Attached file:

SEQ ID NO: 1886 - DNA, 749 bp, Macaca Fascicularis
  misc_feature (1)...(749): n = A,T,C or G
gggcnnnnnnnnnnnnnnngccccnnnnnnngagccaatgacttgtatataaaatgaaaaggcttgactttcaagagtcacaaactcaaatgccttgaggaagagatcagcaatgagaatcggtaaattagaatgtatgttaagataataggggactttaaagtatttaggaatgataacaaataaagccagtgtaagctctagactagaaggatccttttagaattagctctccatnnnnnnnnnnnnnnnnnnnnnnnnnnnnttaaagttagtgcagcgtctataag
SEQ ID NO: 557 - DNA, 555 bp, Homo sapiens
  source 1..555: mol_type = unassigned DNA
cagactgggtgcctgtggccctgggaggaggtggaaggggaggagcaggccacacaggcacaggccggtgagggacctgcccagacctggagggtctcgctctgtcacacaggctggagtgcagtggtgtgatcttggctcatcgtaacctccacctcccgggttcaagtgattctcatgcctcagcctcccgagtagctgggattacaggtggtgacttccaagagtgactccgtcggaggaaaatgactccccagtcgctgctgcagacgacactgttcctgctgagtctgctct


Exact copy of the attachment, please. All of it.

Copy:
SEQ ID NO: 1886 - DNA, 749 bp, Macaca Fascicularis
  misc_feature (1)...(749): n = A,T,C or G
gggcnnnnnnnnnnnnnnngccccnnnnnnngagccaatgacttgtatataaaatgaaaaggcttgactttcaagagtcacaaactcaaatgccttgaggaagagatcagcaatgagaatcggtaaattagaatgtatgttaagataataggggactttaaagtatttaggaatgataacaaataaagccagtgtaagctctagactagaaggatccttttagaattagctctccatnnnnnnnnnnnnnnnnnnnnnnnnnnnnttaaagttagtgcagcgtctataag
SEQ ID NO: 557 - DNA, 555 bp, Homo sapiens
  source 1..555: mol_type = unassigned DNA
cagactgggtgcctgtggccctgggaggaggtggaaggggaggagcaggccacacaggcacaggccggtgagggacctgcccagacctggagggtctcgctctgtcacacaggctggagtgcagtggtgtgatcttggctcatcgtaacctccacctcccgggttcaagtgattctcatgcctcagcctcccgagtagctgggattacaggtggtgacttccaagagtgactccgtcggaggaaaatgactccccagtcgctgctgcagacgacactgttcctgctgagtctgctct